The federal government’s Thrift Savings Plan (TSP) is a big part of retirement income for many federal employees. The plan is popular and growth is continuing.
The TSP consists of index funds in various categories. According to the Wall Street Journal, while retirement savers in the private workforce pay “management fees that can exceed 1% annually on lousy investment choices,” TSP participants, including members of Congress, “pay a maximum of 0.039% for funds that all but guarantee matching the market.”
Expenses on a $10,000 investment can easily cost at least $100 a year for regular retirement savers. The fees on the same amount for a TSP participant cannot exceed $3.90.
Total TSP Assets and Participation Rates
As of the end of March 2017, the TSP had more than $491 billion in assets. As of the same date, there were 5,054,794 participants in the TSP. 506,146 of these participants are in the uniformed services.
For comparison, back in January 2007, the TSP had over $210 billion in investments and about 3.6 million participants.
Participation rates in the TSP are also still going up. The FERS participation rate is now about 90% and the active duty uniformed services participation rate is now up to 46.4%. In recent years, the participation rate of FERS employees was as low as 82.1% back in 2009.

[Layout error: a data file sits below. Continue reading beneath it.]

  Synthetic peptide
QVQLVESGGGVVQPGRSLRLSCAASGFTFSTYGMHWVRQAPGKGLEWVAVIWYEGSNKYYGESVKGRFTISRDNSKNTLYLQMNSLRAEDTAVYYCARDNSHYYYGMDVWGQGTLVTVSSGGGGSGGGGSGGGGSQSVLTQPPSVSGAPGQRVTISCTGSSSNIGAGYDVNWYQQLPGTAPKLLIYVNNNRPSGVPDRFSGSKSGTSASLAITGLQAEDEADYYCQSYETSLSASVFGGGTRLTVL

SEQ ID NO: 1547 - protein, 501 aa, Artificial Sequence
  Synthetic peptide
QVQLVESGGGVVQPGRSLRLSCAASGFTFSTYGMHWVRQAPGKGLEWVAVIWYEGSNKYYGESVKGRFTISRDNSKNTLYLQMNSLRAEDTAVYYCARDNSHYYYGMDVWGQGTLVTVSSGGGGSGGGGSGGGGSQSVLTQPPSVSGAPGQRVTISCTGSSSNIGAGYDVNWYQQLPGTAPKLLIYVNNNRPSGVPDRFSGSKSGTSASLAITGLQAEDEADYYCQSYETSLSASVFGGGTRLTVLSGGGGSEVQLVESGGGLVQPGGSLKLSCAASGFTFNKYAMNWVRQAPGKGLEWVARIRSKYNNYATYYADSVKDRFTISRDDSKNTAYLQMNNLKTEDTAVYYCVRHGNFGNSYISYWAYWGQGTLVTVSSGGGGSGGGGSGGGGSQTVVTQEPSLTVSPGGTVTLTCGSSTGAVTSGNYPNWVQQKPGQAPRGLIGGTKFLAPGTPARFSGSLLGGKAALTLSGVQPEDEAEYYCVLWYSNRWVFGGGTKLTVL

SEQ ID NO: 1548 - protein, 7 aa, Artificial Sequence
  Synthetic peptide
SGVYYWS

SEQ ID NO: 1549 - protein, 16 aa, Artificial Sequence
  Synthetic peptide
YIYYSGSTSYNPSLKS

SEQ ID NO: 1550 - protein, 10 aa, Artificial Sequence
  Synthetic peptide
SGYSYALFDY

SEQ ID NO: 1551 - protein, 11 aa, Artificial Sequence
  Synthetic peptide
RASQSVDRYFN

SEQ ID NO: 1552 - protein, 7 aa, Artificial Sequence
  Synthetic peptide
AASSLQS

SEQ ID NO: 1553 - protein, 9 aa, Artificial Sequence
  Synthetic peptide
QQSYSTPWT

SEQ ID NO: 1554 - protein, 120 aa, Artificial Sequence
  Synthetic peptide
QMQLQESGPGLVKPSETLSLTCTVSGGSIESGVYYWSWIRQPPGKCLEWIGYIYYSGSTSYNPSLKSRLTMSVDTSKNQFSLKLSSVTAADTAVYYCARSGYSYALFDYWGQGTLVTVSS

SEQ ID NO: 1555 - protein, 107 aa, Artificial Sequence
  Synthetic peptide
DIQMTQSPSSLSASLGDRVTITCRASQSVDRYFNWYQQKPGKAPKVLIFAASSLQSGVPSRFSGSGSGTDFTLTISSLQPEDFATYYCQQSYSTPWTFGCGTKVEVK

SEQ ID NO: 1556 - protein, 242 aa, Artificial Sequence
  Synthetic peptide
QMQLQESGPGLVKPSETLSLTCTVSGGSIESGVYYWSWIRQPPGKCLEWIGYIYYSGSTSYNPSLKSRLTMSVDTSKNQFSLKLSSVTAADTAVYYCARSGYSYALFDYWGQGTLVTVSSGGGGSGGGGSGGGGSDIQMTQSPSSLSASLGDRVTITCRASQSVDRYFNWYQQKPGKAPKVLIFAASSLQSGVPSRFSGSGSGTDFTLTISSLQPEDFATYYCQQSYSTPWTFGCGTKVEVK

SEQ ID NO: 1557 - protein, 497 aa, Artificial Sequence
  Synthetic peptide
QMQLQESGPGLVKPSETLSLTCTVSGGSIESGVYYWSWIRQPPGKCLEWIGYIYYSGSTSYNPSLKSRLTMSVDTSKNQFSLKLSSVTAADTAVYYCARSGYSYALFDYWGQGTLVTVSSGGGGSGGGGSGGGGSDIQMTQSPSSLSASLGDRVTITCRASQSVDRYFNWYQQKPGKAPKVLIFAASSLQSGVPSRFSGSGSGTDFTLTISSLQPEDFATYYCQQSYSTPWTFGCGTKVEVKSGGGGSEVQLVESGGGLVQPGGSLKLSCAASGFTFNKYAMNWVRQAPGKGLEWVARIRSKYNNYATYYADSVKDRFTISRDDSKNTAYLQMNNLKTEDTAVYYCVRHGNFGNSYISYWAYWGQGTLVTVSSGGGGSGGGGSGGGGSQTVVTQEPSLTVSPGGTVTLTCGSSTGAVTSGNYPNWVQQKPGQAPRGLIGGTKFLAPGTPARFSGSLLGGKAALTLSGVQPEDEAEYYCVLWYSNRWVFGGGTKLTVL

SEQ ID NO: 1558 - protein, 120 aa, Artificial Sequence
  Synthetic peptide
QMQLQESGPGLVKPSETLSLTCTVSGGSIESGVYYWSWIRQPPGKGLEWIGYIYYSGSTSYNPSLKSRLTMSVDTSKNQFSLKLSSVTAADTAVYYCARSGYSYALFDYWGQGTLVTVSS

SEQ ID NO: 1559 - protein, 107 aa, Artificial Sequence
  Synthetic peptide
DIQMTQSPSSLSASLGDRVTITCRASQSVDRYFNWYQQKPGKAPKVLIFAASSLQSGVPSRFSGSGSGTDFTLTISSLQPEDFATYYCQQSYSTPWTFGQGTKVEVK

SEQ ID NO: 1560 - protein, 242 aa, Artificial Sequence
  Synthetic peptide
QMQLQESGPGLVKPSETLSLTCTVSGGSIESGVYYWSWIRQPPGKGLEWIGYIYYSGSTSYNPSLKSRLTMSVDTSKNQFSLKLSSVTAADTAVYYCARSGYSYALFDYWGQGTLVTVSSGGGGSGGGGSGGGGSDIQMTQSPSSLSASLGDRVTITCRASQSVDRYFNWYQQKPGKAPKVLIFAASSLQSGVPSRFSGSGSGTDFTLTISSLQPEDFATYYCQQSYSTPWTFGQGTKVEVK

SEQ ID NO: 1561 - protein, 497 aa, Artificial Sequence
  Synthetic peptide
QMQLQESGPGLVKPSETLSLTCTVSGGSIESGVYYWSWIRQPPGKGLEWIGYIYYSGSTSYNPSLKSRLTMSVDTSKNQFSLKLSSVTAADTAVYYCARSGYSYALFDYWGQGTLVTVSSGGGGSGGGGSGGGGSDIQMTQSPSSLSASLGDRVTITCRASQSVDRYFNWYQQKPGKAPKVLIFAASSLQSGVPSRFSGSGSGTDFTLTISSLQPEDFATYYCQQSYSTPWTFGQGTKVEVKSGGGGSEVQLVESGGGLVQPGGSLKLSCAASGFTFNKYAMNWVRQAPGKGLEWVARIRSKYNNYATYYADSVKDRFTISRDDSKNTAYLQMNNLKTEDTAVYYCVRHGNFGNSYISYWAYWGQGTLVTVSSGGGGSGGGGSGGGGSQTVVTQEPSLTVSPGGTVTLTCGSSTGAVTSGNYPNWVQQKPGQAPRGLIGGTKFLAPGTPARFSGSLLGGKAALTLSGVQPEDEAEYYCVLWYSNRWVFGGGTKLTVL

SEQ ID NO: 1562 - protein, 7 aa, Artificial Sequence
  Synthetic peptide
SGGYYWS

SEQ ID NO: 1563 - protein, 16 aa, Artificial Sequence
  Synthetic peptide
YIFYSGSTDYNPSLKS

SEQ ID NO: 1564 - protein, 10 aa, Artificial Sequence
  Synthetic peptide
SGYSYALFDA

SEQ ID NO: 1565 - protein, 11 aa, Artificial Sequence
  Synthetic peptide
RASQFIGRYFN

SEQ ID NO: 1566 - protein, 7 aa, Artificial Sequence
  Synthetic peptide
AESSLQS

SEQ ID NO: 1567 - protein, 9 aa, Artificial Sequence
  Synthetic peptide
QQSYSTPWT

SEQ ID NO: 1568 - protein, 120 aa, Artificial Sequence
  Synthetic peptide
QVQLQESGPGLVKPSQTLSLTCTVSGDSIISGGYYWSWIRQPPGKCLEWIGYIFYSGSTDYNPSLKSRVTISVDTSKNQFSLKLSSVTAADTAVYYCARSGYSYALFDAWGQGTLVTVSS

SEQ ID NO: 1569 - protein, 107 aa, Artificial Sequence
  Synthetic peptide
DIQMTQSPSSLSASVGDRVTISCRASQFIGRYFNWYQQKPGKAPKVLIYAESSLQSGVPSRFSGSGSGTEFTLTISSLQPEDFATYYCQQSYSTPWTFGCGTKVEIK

In addition, the Thrift Savings Plan reports that March is one of the heaviest months for roll-ins to the TSP. In March there was a record $145 million of roll-ins to the TSP. This exceeded the March 2016 amount by about $40 million.
Average TSP Balances
The Thrift Savings Plan offers a Roth plan option as well as the more traditional account. Here are the average balances for TSP participants as of March 2017:
Where Do TSP Investors Invest Their Money?
The G fund continues to be the most popular TSP fund. 34% of TSP investor assets are in this fund. It is considered the safest of the TSP funds but also it is often the lowest performing fund.
The C fund is the second most popular choice. 28% of TSP investor funds are in this fund that tracks the S&P 500 stock index.
The lifecycle funds (L funds) are now the repository for 19% of TSP investor funds. The L funds are growing in popularity. In early 2013, only 14% of TSP investors funds were in the L funds while 41% of funds were in the G fund.
Here is a table showing the most current distribution of TSP funds among investors:
|Fund||% of Assets|
Rates of Return for All TSP Funds
TSP investors who want to see the rate of return for all of the TSP funds can find this information at TSPDataCenter.com. Individual fund information is available for yearly rates of return, monthly rates of return or daily rates of return.